"This is a new brand and [to introduce it] we chose the Stabilo bag. It has a distinctive appearance with four sealed vertical edges and a gable-like top" notes Larry Parks section leader in packaging engineering at the Blackfoot plant. "First we feel it's a functional and attractive bag. In our [foodservice and institutional] markets that's very important" he points out. "We've done considerable customer testing and we've learned that they really want an all-around quality package. Like a consumer at a grocery store if a customer say a chef sees this bag its form and graphics will communicate that there's a quality product inside."

The focus on this package stems from Basic's top management which views graphics as more than merely cosmetic. "There is a growing need to provide [customers] food preparers and waitstaff with more information" says Gordon Lewis vp of new business development. "One means to do this is to use packaging graphics to better differentiate product quality and usage applications."

Designed along with SBG Partners (San Francisco CA) the bags for delicately seasoned and unseasoned potatoes are nearly the same with the exception of certain graphic elements. The unseasoned version features blue-colored rectangular blocks for front back and side panel copy while green is used for the seasoned variety. Detailed preparation instructions for hand or machine mixing as well as recipe suggestions are printed on a large back panel.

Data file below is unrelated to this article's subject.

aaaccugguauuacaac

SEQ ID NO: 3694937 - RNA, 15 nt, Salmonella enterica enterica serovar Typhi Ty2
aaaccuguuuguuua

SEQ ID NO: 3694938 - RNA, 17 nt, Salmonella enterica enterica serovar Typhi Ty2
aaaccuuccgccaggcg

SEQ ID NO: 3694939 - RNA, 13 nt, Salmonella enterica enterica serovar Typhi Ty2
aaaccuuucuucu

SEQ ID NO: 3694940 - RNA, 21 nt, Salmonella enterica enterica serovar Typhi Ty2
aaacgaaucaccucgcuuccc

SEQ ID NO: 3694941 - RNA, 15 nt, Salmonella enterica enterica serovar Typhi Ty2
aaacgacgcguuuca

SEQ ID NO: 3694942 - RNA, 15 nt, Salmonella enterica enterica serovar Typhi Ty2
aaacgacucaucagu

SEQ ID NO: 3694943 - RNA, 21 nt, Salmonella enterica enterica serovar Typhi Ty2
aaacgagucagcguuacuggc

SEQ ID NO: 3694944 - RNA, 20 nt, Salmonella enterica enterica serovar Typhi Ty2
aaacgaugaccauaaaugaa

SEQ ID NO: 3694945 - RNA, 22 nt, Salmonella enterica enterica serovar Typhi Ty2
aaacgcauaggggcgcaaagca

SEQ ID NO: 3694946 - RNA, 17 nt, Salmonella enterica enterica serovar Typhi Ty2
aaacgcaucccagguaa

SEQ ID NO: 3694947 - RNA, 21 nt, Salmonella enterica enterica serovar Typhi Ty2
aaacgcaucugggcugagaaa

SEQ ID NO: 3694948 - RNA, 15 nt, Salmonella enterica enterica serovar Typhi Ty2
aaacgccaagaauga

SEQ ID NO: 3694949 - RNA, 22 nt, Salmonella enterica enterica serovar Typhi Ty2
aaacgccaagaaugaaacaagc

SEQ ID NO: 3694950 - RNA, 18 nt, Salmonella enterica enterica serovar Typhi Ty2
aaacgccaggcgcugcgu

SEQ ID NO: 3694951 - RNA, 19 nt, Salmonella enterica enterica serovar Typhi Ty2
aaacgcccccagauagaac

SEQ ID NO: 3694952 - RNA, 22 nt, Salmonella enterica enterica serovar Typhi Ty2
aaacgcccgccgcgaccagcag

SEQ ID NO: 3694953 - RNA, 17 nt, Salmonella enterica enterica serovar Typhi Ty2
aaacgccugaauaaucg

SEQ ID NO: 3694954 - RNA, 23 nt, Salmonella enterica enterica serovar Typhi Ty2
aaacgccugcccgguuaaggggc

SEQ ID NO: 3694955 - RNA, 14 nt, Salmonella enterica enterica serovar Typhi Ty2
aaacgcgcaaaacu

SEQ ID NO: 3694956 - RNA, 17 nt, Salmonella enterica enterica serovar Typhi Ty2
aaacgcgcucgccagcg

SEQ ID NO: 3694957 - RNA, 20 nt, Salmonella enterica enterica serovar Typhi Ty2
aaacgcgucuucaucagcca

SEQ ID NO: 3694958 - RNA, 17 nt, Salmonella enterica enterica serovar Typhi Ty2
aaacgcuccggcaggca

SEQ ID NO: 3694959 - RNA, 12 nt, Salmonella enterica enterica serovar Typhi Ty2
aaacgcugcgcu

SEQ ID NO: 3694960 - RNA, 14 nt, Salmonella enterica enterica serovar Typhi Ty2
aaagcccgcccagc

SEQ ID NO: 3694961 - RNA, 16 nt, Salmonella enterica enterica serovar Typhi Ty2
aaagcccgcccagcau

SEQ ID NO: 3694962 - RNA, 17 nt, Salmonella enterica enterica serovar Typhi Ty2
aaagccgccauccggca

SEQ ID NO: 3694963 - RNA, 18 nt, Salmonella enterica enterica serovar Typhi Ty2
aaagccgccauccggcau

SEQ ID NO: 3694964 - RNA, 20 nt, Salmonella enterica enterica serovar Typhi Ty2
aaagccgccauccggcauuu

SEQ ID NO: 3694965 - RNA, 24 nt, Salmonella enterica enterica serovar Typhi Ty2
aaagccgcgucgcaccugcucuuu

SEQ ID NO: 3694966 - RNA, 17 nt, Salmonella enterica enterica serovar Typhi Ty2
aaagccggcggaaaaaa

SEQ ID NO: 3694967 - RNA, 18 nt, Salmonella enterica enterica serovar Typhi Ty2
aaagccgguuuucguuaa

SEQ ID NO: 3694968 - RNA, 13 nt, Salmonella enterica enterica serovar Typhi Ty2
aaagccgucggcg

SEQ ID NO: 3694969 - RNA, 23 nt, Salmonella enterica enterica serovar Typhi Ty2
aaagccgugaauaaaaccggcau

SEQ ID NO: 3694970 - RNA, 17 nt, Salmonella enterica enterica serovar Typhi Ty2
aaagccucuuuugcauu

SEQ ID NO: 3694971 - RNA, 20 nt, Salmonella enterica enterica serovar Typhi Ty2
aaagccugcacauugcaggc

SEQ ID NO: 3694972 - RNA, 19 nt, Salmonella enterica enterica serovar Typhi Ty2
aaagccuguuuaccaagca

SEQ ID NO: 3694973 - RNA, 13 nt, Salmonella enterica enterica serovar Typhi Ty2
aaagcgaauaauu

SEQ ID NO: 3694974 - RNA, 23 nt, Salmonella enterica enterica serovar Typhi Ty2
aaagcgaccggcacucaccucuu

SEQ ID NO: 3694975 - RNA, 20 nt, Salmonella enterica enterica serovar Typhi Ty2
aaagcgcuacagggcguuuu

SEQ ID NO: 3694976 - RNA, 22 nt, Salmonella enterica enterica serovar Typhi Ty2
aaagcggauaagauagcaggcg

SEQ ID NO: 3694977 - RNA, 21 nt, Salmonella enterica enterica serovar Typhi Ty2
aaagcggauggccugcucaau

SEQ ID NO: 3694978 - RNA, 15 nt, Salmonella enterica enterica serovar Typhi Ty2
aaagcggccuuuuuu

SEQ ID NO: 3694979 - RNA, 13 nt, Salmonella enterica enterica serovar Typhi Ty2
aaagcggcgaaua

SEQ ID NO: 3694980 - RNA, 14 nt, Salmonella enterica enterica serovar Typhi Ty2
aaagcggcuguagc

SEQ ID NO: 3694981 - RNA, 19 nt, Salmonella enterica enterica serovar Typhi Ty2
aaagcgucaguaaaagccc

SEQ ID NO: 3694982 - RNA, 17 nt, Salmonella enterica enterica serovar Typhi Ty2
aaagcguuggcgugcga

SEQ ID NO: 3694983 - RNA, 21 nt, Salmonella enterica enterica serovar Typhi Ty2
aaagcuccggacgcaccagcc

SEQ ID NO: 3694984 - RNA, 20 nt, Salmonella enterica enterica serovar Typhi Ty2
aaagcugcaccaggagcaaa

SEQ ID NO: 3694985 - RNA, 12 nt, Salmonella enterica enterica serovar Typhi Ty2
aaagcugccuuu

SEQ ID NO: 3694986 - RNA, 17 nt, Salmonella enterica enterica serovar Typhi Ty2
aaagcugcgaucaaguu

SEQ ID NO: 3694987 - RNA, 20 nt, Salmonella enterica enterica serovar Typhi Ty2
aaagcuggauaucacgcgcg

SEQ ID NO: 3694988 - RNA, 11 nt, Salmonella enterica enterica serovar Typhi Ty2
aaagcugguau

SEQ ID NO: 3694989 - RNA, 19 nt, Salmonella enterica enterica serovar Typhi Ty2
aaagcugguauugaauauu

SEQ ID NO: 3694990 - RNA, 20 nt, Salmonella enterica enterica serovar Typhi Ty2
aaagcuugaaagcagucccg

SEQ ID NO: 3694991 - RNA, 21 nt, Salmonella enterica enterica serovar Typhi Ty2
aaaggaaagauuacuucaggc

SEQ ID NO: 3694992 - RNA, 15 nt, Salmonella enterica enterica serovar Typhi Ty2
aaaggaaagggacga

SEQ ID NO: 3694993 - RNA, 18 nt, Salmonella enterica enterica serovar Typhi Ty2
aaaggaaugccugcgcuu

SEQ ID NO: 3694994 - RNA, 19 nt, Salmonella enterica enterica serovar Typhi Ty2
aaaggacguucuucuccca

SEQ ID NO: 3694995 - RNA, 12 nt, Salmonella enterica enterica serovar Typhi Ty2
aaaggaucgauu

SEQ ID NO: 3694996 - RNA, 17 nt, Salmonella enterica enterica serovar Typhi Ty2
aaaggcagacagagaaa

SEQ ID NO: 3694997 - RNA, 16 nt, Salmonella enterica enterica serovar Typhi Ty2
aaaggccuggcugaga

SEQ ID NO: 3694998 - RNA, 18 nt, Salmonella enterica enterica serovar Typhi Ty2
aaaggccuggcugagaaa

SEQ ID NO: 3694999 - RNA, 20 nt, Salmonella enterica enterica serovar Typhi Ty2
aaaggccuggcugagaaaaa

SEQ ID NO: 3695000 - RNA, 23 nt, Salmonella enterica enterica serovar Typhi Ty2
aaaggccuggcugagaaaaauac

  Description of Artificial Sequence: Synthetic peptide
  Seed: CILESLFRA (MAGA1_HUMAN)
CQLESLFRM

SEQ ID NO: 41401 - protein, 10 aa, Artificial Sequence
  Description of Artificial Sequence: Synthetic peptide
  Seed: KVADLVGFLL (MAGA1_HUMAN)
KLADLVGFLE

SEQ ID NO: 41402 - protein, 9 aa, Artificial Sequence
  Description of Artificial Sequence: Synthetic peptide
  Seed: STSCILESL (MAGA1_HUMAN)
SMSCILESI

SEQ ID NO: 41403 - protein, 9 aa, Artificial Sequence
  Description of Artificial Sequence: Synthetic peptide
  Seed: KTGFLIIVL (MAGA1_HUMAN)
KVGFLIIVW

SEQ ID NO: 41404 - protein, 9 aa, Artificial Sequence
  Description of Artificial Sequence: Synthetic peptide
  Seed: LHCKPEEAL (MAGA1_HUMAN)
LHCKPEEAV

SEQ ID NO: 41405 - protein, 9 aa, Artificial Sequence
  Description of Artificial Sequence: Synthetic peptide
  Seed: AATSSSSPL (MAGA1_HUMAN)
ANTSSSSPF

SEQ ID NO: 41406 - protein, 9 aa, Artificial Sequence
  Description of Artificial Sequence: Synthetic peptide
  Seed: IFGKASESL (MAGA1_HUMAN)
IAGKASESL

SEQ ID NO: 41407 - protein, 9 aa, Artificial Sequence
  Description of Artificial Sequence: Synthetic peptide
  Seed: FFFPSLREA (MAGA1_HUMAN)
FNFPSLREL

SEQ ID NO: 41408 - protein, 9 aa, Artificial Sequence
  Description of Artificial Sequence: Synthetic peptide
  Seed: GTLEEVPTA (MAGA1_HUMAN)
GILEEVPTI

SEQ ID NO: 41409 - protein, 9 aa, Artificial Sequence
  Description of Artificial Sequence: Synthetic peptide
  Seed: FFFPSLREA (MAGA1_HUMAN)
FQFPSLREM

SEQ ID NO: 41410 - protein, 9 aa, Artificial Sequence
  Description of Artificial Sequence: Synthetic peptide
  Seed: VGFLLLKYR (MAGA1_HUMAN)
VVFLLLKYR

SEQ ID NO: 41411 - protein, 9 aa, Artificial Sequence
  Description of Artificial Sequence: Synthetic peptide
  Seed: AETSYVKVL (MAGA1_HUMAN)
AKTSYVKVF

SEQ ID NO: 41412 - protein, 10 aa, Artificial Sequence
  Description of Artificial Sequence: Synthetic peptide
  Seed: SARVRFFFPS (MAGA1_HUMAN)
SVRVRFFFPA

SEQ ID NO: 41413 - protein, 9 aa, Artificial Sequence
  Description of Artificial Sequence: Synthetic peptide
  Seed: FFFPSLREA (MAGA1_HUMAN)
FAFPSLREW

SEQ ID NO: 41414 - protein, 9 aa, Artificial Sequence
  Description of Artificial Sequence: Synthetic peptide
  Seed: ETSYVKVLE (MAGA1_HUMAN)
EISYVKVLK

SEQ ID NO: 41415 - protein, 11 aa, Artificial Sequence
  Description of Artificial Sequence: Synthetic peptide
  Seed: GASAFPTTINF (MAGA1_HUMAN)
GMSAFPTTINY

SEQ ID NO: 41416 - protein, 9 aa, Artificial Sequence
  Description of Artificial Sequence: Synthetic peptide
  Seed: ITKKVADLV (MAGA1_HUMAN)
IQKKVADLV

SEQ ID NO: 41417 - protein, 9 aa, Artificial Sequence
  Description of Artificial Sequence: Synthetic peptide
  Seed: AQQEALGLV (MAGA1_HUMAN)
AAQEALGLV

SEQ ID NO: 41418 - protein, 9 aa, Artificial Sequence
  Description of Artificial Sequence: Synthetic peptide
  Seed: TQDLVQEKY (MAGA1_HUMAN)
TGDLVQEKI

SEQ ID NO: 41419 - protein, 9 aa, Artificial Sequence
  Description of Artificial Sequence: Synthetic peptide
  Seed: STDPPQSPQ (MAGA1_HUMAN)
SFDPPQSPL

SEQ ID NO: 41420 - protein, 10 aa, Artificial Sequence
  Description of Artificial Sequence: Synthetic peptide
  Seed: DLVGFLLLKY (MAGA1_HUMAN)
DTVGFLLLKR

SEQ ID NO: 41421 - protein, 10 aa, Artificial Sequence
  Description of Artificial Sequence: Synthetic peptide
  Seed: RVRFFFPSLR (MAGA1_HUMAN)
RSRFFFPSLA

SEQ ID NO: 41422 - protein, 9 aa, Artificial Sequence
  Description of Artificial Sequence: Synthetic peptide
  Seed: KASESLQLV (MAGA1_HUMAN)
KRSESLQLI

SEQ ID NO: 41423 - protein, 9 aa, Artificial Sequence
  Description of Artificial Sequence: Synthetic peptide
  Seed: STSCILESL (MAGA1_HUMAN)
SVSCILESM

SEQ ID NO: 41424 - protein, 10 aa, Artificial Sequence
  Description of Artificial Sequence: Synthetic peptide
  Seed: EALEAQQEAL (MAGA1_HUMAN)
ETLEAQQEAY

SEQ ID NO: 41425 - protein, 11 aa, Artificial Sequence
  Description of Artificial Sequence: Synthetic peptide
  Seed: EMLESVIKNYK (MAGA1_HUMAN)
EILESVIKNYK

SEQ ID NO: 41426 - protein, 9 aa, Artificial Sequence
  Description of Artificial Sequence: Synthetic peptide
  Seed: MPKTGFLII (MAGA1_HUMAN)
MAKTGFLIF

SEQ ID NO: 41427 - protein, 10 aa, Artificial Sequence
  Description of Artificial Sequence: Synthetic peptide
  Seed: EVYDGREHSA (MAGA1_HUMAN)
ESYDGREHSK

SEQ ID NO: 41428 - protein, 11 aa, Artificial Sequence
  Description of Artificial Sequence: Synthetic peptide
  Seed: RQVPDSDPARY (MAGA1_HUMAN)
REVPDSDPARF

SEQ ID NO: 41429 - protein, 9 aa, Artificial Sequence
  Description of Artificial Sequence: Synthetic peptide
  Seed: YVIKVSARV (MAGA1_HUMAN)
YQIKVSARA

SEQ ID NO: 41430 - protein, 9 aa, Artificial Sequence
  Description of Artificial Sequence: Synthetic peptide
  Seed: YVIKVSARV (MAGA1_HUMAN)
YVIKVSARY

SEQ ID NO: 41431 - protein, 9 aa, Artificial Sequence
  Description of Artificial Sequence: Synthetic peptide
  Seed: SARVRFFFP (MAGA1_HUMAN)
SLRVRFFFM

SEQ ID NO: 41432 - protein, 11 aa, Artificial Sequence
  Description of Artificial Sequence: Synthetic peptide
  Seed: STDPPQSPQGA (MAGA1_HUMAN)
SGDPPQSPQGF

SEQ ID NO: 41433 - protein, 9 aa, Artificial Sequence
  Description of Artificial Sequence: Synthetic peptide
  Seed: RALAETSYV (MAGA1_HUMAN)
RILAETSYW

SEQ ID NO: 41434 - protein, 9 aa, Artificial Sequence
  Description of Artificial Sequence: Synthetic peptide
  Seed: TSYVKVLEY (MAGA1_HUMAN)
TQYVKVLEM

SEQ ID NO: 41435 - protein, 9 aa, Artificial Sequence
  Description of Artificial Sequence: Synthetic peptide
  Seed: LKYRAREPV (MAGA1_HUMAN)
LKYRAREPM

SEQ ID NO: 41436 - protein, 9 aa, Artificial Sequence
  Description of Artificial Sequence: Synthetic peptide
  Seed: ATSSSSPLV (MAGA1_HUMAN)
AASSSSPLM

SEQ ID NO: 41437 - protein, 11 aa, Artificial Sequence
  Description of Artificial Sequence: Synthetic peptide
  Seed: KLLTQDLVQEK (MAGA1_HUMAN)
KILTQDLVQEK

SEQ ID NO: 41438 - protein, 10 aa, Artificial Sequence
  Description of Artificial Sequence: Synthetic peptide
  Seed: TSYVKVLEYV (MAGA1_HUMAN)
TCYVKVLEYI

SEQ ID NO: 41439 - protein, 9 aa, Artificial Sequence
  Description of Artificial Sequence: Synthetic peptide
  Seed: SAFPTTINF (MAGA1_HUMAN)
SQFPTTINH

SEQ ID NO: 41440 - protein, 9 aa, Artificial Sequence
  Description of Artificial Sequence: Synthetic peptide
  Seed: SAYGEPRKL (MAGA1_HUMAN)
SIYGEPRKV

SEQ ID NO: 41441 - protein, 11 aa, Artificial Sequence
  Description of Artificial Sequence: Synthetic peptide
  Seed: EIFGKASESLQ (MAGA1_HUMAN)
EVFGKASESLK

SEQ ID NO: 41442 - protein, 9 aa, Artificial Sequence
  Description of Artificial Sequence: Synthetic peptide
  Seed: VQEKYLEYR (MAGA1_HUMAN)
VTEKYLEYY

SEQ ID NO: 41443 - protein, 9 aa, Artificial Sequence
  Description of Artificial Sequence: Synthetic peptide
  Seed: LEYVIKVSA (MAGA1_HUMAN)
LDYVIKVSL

Basic American Foods selected the Stabilo bag for more than artistic merit however. "The package was designed to be easy to handle stack well provide strong product identity and minimize packaging waste" says Lewis.

Parks says that the Stabilo bag "uses about ten percent more material than a standard flat-bottom stand-up bag." However he believes it is worth the extra cost "because of its design and strength advantages and the results we think it will give us in the market." He says that Basic's handling compression and transportation testing proved that the unusual edges give the bag "quite a bit of additional strength compared with other flat-bottom stand-up bags.

"The package is also a waste reducer which is very important in this industry" adds Parks. "We used to pack a flat bag with dehydrated potatoes that took a lot more corrugated [protection]. We packed eight of these flat bags into an outer corrugated shipping case. The Stabilo package is much more economical for us from a secondary packaging standpoint and for shipping. We package nine Stabilo bags in a corrugated tray then shrink wrap it in film." Basic wouldn't quantify the cost savings gained by this switch.

Bagmaking process